The last time I wrote about the product of speed-dev competition Ludum Dare, it was about a game that evolved from an entry to LD20 back in 2011. This time, I’m looking at The Sun and Moon, the winner of Ludum Dare 29 in April, 2014. As one would probably expect of the product of a two-day development cycle, The Sun and Moon presents a pretty simple premise, control scheme, and overall aesthetic. The way that each of these works together, though, creates a fascinating, difficult, and engaging puzzler.
The Sun and Moon is, in effect, the very essence of a platform-puzzler. Like a distilled version of many an entry to the genre, it strips away all pretense of characterization or story for a pure, minimalist experience. Play starts off with some simple hopping puzzles, letting you get the hang of navigating the game’s world. Before long, though, the game introduces its defining feature — the ability to burrow or dive into the ground. Done from a height, this can create a slingshot effect, allowing you to reach areas far above what would otherwise be in range.
Navigating each level in The Sun and Moon is a matter of successful jumping, burrowing, and dodging obstacles. Offering a generous portion of stationary spikes, the game also introduces moving fireballs, vanishing blocks, and other devious impediments to progress. Half the time, it’s simply finding a balance in vertical motion; flying too high often results in a lack of recovery, while burrowing from too-great heights will plunge you straight through the bottom of a floating platform.
By keeping itself to, in essence, a single mechanic, The Sun and Moon creates an extremely unique and playable game, providing plenty of variety to the puzzles and their solutions by adding in new elements. As you complete more levels, the world map expands in nearly every direction; certain areas remain closed off until enough levels are completed, but there’s no need to stick to one path or complete anything in a linear fashion. These branches extend outward into areas of different colours, each boasting unique challenges. There are even “boss” levels that feature an ever-approaching enemy that must be avoided during play.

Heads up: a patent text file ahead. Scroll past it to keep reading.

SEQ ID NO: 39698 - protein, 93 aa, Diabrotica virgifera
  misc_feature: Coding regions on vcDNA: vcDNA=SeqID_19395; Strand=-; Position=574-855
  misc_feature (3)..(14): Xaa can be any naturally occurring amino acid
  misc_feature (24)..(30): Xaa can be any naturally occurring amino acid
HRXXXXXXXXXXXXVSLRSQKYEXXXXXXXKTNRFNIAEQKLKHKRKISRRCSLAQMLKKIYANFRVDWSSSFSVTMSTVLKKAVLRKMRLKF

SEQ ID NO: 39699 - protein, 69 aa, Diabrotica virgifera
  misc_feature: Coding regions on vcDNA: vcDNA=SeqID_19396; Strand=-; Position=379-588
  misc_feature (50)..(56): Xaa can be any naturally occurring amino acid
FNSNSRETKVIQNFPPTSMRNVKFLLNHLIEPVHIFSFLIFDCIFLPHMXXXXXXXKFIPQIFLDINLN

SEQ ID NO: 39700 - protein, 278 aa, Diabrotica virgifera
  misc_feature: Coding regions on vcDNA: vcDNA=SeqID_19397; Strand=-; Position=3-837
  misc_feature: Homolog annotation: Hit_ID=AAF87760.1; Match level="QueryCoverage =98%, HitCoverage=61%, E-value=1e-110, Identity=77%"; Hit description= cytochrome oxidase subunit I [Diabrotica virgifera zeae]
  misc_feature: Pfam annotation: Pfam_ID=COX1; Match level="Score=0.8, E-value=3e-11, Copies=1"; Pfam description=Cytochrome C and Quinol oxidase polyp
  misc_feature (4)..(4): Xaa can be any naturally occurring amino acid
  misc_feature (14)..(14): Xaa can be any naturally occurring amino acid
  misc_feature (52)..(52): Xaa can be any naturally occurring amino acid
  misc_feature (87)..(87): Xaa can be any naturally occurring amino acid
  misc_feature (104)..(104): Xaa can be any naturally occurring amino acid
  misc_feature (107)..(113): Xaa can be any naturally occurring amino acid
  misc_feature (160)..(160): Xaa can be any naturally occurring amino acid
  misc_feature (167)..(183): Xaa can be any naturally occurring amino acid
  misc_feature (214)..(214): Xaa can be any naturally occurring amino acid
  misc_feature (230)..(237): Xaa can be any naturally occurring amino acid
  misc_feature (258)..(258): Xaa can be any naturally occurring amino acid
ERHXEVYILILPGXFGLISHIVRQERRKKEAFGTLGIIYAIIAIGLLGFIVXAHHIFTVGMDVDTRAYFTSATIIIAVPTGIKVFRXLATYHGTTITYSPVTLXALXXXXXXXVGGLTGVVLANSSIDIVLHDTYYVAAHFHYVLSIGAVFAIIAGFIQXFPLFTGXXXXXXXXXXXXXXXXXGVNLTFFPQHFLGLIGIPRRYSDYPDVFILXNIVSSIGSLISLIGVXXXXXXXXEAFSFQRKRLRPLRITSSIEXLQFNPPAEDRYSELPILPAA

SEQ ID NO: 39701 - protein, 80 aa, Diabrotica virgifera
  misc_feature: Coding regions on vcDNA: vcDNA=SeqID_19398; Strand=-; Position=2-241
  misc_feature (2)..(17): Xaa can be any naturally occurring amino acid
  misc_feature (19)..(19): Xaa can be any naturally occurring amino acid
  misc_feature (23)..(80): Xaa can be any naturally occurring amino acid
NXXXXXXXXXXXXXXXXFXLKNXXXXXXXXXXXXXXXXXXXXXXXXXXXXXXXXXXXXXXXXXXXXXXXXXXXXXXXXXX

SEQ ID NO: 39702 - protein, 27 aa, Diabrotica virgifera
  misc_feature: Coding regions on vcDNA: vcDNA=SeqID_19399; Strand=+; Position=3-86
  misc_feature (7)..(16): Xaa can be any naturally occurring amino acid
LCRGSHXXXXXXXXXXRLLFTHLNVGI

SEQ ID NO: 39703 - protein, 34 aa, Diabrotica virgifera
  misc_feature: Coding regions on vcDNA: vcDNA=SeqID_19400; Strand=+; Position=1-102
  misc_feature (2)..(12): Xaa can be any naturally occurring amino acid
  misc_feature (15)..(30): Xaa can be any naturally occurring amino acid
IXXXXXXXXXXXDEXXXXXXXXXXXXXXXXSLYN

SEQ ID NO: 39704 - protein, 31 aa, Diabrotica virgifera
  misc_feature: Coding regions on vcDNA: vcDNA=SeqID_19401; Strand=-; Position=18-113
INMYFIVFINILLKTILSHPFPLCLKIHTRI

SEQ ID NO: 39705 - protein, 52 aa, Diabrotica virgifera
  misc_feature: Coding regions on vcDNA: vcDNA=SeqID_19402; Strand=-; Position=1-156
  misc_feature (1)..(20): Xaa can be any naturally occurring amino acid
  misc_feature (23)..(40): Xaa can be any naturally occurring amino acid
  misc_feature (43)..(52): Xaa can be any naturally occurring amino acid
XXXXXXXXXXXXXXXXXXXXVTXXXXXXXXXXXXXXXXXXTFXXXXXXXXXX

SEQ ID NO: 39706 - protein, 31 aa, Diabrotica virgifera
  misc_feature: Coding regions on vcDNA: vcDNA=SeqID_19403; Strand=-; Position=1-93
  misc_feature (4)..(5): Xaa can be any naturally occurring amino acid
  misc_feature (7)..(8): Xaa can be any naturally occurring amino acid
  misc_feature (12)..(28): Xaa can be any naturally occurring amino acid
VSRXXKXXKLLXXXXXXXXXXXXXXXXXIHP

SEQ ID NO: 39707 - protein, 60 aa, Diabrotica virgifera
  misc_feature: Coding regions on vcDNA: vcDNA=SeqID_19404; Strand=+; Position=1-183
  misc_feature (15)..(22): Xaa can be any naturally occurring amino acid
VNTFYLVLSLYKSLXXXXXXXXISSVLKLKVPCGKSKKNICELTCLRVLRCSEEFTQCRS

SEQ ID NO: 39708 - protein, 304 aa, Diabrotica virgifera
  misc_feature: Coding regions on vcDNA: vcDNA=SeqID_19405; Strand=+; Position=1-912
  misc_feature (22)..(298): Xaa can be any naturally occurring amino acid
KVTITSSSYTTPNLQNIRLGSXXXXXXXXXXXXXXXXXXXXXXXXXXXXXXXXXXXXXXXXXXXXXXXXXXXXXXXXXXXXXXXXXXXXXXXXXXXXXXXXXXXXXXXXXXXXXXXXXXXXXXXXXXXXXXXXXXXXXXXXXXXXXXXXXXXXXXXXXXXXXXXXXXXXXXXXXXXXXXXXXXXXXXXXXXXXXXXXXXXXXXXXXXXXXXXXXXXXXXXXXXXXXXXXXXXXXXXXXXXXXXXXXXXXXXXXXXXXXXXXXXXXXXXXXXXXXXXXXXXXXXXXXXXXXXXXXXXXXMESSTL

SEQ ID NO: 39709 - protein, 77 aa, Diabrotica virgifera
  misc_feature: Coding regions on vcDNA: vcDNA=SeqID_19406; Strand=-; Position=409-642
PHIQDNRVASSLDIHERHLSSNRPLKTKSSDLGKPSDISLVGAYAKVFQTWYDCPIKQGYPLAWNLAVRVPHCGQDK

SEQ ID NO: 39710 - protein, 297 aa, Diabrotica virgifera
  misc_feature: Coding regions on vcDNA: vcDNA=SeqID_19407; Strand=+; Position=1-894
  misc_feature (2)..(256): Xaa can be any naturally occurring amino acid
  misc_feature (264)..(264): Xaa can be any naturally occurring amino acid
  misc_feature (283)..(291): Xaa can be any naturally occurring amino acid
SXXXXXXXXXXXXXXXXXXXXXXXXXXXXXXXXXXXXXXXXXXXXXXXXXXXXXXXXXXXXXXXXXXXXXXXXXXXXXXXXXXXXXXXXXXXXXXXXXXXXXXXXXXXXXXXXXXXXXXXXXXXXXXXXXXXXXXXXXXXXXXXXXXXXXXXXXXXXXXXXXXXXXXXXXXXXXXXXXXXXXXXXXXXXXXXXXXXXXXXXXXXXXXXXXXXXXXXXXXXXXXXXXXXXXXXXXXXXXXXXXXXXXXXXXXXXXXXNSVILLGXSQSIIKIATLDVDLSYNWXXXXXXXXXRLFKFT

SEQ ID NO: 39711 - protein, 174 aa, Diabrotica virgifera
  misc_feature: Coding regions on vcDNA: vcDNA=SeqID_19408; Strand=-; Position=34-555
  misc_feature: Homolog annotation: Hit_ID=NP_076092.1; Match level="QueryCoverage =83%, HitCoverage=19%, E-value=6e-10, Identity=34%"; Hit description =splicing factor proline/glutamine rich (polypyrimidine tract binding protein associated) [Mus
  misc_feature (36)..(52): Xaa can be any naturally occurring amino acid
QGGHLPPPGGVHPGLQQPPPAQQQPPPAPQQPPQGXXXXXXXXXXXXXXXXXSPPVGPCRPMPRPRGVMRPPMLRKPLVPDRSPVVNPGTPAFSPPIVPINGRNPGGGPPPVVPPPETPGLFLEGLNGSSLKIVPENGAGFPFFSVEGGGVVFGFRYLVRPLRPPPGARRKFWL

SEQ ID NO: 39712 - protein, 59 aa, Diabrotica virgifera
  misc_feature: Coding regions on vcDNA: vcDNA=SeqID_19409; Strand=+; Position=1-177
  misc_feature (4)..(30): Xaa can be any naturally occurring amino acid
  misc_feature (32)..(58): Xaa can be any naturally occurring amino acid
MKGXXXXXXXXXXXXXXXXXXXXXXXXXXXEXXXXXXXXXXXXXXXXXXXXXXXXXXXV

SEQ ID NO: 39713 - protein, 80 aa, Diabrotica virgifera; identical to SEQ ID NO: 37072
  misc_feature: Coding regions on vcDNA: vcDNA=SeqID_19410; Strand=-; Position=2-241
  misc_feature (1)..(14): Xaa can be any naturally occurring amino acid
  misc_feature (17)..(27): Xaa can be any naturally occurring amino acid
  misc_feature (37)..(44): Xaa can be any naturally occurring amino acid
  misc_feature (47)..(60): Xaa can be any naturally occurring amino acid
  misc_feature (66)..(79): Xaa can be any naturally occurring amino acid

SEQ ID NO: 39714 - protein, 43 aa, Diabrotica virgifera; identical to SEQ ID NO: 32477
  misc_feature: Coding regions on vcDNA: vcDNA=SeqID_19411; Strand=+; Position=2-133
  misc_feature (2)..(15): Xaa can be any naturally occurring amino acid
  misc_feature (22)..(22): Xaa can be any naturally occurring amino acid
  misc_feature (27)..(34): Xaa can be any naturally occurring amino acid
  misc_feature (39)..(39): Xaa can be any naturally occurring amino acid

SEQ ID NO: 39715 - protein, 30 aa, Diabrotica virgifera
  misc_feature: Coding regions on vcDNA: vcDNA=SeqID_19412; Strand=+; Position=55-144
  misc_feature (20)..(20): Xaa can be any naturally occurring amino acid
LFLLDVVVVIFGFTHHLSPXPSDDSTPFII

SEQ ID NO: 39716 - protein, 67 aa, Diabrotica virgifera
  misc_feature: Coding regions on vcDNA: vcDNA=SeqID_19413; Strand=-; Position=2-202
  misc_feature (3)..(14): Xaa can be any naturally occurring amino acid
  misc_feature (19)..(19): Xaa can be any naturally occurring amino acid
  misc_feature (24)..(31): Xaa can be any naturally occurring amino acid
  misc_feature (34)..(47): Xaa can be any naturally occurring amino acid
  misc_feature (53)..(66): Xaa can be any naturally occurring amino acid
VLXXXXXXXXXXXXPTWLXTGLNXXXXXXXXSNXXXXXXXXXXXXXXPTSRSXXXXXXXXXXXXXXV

If there’s one trend I’ve found myself loving from the modern surge of indie titles, it’s a well-executed minimalism. With simple graphics, clever yet natural controls, and a unique mechanic for a classic genre, The Sun and Moon is a title that shines. While the music is a bit droning, it fits the rest of the theme well enough and isn’t required to play. For the sheer number and variety of levels available, it’s an easy recommendation at a modest $9.99 on Steam. For anyone who loves old-school platforming simplicity with a fresh twist, you owe it to yourself to look into The Sun and Moon.